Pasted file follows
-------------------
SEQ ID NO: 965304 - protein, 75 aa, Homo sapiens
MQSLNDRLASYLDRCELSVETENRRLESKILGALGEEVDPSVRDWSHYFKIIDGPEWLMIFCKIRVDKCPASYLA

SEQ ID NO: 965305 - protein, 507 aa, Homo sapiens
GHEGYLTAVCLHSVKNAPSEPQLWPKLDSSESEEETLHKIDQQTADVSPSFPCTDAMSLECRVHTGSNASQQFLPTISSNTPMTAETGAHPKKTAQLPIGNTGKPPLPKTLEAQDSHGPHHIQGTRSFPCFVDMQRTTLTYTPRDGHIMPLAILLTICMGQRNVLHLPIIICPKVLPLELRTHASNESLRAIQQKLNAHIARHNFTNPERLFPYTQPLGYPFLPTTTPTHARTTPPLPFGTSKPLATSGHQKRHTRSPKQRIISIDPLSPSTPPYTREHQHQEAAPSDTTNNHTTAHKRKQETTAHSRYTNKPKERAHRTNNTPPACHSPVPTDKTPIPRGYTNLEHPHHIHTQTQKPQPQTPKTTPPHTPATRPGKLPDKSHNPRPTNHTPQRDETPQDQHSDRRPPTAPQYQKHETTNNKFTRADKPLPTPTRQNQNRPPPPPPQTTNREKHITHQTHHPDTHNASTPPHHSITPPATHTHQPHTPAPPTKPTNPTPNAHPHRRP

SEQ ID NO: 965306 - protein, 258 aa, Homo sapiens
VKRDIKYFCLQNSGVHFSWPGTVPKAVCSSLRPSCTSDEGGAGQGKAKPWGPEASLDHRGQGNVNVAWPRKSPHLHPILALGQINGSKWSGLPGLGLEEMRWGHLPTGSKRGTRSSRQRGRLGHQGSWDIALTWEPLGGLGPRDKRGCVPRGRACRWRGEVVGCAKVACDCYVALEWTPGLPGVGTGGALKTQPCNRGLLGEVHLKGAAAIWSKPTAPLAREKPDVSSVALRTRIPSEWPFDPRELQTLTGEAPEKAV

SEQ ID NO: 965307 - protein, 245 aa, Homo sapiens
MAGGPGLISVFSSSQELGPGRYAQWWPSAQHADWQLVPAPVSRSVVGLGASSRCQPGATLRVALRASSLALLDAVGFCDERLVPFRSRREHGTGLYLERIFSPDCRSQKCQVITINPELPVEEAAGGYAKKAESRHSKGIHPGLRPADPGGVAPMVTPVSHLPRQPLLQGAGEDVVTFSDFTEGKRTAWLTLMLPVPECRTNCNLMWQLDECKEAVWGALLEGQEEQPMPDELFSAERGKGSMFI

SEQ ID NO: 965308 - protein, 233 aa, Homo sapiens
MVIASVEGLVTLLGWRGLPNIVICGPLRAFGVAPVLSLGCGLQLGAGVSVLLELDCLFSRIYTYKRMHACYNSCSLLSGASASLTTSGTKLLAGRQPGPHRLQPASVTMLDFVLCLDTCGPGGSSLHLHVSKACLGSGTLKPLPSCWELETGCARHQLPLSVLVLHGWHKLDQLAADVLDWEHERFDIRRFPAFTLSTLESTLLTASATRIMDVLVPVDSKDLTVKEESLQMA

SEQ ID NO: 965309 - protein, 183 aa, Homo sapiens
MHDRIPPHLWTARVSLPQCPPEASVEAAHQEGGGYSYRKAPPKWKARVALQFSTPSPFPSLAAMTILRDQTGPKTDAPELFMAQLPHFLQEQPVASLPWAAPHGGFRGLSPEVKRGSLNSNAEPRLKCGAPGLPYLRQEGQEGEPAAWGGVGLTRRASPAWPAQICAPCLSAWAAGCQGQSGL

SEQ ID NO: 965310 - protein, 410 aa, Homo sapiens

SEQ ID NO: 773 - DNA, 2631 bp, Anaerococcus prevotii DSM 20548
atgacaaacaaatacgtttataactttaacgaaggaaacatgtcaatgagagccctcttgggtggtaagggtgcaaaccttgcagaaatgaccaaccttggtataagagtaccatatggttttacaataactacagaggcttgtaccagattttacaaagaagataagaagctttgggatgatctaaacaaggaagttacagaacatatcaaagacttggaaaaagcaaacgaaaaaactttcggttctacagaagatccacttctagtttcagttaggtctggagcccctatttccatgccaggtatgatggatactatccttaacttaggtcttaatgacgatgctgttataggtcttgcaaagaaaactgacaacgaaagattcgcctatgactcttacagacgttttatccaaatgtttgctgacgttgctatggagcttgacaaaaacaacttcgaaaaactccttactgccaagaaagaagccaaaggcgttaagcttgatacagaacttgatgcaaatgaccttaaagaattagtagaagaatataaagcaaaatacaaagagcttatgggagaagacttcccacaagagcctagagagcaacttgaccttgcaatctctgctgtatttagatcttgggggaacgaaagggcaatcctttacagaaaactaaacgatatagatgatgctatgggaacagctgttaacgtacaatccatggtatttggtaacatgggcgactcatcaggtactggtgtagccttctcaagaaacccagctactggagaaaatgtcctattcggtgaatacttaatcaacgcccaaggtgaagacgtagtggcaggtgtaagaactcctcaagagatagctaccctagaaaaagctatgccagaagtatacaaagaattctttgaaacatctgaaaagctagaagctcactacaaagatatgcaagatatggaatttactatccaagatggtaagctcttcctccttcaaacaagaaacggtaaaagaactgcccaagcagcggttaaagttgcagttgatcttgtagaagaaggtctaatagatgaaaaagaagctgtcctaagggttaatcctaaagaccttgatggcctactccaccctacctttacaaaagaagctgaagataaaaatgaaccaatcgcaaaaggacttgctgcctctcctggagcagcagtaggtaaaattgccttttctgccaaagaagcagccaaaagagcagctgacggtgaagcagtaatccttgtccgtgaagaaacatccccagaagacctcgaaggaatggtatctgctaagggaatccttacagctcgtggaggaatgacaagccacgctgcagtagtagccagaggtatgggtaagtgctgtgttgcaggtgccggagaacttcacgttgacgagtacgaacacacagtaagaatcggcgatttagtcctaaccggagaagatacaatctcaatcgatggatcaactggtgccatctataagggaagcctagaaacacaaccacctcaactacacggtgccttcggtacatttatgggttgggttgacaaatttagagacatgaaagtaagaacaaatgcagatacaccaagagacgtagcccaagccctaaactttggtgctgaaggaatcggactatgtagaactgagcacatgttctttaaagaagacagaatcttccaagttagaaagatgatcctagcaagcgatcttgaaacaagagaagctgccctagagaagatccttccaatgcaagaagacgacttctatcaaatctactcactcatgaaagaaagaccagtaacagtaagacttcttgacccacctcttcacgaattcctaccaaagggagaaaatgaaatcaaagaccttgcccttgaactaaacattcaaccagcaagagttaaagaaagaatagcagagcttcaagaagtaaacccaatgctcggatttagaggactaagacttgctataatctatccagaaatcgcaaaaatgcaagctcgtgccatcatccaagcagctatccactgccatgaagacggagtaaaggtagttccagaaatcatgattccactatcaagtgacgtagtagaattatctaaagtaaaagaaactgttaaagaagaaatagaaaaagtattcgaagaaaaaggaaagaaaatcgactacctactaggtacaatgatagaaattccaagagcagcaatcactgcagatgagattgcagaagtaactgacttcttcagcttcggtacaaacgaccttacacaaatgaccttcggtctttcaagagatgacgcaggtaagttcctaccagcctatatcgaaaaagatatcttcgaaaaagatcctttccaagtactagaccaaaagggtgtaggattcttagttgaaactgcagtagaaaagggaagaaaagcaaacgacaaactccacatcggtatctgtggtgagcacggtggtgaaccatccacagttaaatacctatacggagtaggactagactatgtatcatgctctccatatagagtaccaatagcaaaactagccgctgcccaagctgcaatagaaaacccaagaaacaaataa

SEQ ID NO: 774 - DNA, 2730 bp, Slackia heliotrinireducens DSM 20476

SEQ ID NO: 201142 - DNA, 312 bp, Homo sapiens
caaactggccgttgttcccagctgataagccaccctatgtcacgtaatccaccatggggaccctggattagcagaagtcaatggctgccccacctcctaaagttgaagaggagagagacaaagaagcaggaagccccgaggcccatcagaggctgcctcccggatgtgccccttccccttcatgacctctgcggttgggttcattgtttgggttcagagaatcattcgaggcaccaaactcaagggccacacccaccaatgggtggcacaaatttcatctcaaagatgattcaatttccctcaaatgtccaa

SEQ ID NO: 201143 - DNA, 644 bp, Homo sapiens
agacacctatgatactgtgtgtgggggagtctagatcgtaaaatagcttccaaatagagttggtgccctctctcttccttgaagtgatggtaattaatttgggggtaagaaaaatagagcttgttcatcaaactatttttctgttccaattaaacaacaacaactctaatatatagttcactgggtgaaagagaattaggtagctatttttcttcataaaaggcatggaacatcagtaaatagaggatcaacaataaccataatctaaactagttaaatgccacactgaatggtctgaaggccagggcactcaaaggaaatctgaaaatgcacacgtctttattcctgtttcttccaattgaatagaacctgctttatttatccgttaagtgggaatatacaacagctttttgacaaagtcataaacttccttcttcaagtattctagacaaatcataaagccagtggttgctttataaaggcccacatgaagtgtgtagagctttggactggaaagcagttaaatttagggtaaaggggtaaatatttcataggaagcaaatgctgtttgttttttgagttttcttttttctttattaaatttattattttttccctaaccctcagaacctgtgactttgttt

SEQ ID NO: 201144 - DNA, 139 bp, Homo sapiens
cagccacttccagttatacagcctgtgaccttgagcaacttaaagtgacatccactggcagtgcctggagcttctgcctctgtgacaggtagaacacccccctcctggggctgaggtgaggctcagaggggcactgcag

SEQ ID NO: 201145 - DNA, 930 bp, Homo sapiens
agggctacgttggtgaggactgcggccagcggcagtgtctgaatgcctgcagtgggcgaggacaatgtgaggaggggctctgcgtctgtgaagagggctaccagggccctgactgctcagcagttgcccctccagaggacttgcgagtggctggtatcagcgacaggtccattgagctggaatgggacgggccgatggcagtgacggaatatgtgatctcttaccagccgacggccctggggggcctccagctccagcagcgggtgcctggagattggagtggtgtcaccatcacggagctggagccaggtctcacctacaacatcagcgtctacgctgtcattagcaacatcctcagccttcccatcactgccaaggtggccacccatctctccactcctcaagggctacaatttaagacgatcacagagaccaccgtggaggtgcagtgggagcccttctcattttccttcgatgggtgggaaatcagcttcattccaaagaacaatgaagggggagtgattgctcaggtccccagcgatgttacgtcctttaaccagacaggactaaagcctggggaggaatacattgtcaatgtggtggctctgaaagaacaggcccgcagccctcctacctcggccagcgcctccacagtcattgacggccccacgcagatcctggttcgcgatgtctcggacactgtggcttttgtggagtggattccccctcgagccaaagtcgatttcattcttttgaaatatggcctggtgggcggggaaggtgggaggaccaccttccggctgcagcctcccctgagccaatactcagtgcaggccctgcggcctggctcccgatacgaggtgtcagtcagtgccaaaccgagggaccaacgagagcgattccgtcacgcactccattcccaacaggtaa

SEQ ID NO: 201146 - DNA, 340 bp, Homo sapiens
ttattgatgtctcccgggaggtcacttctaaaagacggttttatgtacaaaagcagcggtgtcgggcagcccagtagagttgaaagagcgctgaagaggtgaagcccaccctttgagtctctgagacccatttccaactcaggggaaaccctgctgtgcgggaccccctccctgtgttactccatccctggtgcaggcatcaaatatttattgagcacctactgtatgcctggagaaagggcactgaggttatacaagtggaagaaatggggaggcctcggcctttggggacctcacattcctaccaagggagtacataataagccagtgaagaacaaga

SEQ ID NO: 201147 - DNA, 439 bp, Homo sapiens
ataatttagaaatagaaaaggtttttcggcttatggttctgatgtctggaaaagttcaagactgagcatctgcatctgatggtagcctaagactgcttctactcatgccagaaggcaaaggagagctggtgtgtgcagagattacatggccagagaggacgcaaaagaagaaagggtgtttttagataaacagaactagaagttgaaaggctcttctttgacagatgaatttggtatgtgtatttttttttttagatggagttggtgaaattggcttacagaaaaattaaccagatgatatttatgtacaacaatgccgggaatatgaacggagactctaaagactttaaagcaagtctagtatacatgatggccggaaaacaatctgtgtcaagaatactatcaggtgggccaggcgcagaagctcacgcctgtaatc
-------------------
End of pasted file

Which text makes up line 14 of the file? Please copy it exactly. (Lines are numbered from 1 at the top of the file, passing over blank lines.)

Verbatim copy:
SEQ ID NO: 773 - DNA, 2631 bp, Anaerococcus prevotii DSM 20548